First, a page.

dog Vanuatu

We're deploying to Vanuatu to help animals after Volcano eruptions



People have been provided continued humanitarian support, but animals still require veterinary care

Ambae Volcano, located in central Vanuatu, continues to erupt with varying intensity since sudden and severe increase of activity started in September 2017. All 11,000+ residents were required to evacuate the island for nearly two months, and due to the critical situation people were unable to take animals with them to evacuation areas off island and animals were left without the support of owners.

People have since been allowed to return to their island, to damaged and destroyed gardens, to emaciated and sick or injured animals and to their agriculture-based livelihoods impacted for years to come.

Our disaster response team is preparing to deploy to Vanuatu to offer assistance and evaluate long-term needs. Please donate today to help us reach animals and protect them and others from danger.


Resident Mr Lamarsdel Lolo was forced to leave his beloved animals behind.

Impact on Animals

The Vanuatu Departments of Livestock and Biosecurity are the agencies providing key government support for livestock welfare and re-establishment on Ambae. According to their recent assessment in December, 2017, “Many animals perished on Ambae when the island was completely evacuated in October. In areas affected by volcanic ash livestock have continued to perish since the community has been allowed to return to their island. There have also been many instances where livestock continue to suffer injury, malnutrition and inadequate access to water.”

Our proposed response

The Director General of the Vanuatu Ministry of Agriculture, also serving on the National Disaster Committee, requested assistance from our organization to “to assist the Ambae community to properly care for and identify their livestock, …as the community continues its recovery from the emergency evacuation incident.”

We will be offering assistance on the Ambae island over a period of 7 days, in which we will:

  • Support two mobile veterinary teams for treatment and health promotion of animals, companion and livestock
  • Ensure that all available livestock is tagged and documented providing a mini-census of animals and a baseline of animal health for future monitoring and analysis
  • Co-deliver5-gallon watering buckets to all 2200 households alongside the Vanuatu Red Cross Society and Vanuatu Livestock Department enabling Ambae enabling people to provide water to their livestock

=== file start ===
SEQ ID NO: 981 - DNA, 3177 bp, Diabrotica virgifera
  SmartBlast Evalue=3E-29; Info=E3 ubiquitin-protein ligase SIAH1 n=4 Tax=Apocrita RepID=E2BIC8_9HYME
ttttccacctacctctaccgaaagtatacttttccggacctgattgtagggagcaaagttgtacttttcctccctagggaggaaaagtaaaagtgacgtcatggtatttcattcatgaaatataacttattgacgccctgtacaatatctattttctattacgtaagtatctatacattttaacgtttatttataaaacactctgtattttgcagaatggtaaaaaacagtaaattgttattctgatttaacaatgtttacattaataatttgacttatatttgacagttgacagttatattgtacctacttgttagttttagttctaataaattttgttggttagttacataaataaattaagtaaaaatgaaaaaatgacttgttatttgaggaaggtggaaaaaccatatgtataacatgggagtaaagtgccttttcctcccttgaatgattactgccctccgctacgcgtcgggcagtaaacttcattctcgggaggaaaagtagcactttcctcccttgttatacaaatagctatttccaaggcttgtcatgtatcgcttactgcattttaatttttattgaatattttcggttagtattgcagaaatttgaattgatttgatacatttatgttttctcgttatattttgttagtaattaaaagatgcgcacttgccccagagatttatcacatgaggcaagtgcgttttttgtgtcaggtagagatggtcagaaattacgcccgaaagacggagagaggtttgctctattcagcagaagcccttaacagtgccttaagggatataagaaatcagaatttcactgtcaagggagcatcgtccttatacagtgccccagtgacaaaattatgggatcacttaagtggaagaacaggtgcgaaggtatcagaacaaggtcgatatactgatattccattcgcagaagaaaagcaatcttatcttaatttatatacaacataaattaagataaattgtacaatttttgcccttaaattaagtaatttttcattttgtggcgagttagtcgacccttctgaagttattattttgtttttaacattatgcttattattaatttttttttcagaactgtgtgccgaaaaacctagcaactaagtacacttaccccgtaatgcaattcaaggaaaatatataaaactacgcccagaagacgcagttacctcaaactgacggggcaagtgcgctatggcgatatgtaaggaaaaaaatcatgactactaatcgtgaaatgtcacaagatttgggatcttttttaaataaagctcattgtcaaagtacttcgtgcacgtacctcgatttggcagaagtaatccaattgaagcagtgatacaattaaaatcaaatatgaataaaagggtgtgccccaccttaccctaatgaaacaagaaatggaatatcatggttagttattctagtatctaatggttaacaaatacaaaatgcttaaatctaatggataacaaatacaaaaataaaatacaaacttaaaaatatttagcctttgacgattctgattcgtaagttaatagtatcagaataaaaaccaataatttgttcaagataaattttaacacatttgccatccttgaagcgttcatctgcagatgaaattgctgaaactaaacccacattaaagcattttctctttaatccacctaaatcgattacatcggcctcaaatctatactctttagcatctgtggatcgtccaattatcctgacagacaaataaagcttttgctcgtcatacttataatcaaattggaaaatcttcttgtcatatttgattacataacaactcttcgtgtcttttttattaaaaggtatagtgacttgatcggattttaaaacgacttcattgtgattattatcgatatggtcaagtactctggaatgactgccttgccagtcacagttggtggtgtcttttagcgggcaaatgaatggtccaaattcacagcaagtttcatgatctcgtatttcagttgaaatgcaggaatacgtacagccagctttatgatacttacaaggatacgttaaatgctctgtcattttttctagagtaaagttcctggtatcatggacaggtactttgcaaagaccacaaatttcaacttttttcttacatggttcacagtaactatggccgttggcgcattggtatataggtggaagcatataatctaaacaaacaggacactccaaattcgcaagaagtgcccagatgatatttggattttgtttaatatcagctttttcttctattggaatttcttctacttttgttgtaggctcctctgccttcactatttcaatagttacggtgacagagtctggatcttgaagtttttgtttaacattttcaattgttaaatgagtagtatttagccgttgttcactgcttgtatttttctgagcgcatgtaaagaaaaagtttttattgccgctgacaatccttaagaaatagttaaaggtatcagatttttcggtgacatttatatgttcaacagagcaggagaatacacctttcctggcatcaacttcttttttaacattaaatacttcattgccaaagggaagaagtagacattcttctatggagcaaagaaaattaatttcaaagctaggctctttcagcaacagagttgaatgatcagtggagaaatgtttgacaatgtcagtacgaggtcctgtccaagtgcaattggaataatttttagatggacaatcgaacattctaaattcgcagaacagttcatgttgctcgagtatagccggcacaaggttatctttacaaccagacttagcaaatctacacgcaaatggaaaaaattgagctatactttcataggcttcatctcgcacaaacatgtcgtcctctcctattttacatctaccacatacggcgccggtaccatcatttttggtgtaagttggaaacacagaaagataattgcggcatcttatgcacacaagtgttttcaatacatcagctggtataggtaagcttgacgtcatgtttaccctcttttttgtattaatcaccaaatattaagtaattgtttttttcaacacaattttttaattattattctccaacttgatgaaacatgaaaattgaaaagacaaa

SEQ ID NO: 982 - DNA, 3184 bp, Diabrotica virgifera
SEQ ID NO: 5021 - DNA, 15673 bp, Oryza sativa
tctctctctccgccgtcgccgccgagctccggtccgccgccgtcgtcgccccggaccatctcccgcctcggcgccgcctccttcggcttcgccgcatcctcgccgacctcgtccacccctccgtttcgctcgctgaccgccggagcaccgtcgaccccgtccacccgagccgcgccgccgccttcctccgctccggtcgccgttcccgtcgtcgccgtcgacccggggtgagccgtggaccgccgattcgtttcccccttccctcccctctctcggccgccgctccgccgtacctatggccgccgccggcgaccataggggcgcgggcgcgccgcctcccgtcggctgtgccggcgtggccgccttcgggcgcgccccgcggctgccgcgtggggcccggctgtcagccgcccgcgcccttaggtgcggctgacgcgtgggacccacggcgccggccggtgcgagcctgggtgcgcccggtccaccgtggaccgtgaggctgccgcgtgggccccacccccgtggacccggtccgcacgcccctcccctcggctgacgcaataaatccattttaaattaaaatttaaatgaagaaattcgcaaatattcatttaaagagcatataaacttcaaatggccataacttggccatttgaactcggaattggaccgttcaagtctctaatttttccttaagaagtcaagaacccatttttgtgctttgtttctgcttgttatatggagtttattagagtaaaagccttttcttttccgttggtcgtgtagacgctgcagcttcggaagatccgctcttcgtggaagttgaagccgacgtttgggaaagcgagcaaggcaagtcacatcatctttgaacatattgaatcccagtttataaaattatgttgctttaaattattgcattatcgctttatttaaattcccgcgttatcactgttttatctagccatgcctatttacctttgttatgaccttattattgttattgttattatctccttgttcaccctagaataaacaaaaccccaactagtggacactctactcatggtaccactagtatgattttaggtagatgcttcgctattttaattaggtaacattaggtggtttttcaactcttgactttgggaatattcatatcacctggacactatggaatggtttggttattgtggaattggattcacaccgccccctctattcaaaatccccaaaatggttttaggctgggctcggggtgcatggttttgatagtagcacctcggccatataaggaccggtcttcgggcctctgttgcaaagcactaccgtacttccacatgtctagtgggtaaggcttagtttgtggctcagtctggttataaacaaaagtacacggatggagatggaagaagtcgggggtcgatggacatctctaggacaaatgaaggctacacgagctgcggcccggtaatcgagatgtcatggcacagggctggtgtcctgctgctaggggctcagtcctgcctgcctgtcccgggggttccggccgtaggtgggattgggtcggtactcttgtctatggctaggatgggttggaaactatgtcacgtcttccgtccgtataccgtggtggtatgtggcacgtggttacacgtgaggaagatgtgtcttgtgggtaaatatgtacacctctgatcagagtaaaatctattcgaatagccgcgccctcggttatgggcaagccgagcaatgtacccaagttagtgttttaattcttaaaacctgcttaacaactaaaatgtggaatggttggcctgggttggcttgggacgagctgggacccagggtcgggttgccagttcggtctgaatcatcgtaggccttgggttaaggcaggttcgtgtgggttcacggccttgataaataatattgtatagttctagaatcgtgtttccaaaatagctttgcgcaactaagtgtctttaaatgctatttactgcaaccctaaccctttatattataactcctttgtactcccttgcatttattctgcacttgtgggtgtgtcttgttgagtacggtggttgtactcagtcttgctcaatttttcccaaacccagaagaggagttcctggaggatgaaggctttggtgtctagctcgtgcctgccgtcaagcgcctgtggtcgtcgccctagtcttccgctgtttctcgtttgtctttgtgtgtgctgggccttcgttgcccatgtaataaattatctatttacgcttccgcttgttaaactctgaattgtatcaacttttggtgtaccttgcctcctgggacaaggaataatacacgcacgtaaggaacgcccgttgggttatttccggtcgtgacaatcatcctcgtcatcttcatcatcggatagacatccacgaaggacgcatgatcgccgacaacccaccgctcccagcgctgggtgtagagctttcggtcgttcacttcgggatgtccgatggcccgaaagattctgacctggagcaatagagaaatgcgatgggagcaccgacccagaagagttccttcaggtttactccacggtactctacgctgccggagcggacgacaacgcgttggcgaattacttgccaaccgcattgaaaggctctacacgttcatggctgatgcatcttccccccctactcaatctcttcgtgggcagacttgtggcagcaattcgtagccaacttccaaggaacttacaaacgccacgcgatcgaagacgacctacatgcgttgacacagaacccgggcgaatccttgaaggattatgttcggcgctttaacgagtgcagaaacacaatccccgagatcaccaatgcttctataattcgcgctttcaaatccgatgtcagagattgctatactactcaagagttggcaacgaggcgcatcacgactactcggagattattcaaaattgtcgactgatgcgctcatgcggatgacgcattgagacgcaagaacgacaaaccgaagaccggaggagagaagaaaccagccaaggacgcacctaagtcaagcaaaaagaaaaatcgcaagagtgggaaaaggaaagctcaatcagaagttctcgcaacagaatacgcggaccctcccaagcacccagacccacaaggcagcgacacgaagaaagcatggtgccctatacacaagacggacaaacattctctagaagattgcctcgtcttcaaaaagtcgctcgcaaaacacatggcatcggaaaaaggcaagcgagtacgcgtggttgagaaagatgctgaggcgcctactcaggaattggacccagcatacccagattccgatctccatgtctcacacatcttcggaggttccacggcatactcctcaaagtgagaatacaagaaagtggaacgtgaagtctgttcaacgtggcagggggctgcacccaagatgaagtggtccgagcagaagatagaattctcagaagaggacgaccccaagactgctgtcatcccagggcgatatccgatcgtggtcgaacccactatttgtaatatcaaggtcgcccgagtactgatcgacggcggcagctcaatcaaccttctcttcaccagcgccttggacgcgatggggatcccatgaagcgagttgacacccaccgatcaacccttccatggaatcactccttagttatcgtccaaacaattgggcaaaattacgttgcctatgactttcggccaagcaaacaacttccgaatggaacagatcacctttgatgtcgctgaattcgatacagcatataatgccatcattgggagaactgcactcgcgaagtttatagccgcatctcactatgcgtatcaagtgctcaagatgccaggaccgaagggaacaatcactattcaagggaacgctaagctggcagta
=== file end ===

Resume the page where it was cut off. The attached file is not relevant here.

Prior to this volcanic eruption, Ambae island has an estimated population of 56,000 livestock along with thousands of cats and dogs. Current animal population figures have not yet been retrieved, but it is expected that 10-20% of the animals have either died or disappeared. Urgent help is needed, before this figure continues to rise and takes more of a toll on a population that relies on these animals to maintain their livelihood.   


A surviving goat in Port Vila, Vanuatu, following Cyclone Pam which struck on 13 March, 2015.

Long-term implications                   

Unfortunately, situations like the one in Ambae are common in impoverished areas where natural disasters occur frequently. Much of our efforts are concentrated on rehabilitation and recovery of animal life post-disaster. However, the importance of preparation – the power of being ready – in anticipation of these events cannot be understated.

To help all of Vanuatu prepare for future catastrophic disasters, we have proposed to work directly with the Vanuatu Red Cross Society for the integration of animal welfare into their community planning tools for this Ambae Volcano Eruption crisis and for replication into all future VRCS DRR and DRM activities.

Going forward

We hope that these newly instituted programs serve to bring stabilization during times of crisis, and minimize the potential for animal suffering during island evacuations.

Please consider making a donation to help our efforts in Vanuatu.

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Top image: A local dog amid the debris in Port Vila, Vanuatu, following Cyclone Pam. In 2015, our disaster response team helped animals in Vanuatu affected by the cyclone.

Much of our efforts are concentrated on rehabilitation and recovery of animal life post-disaster. However, the importance of preparation – the power of being ready – in anticipation of these events cannot be understated.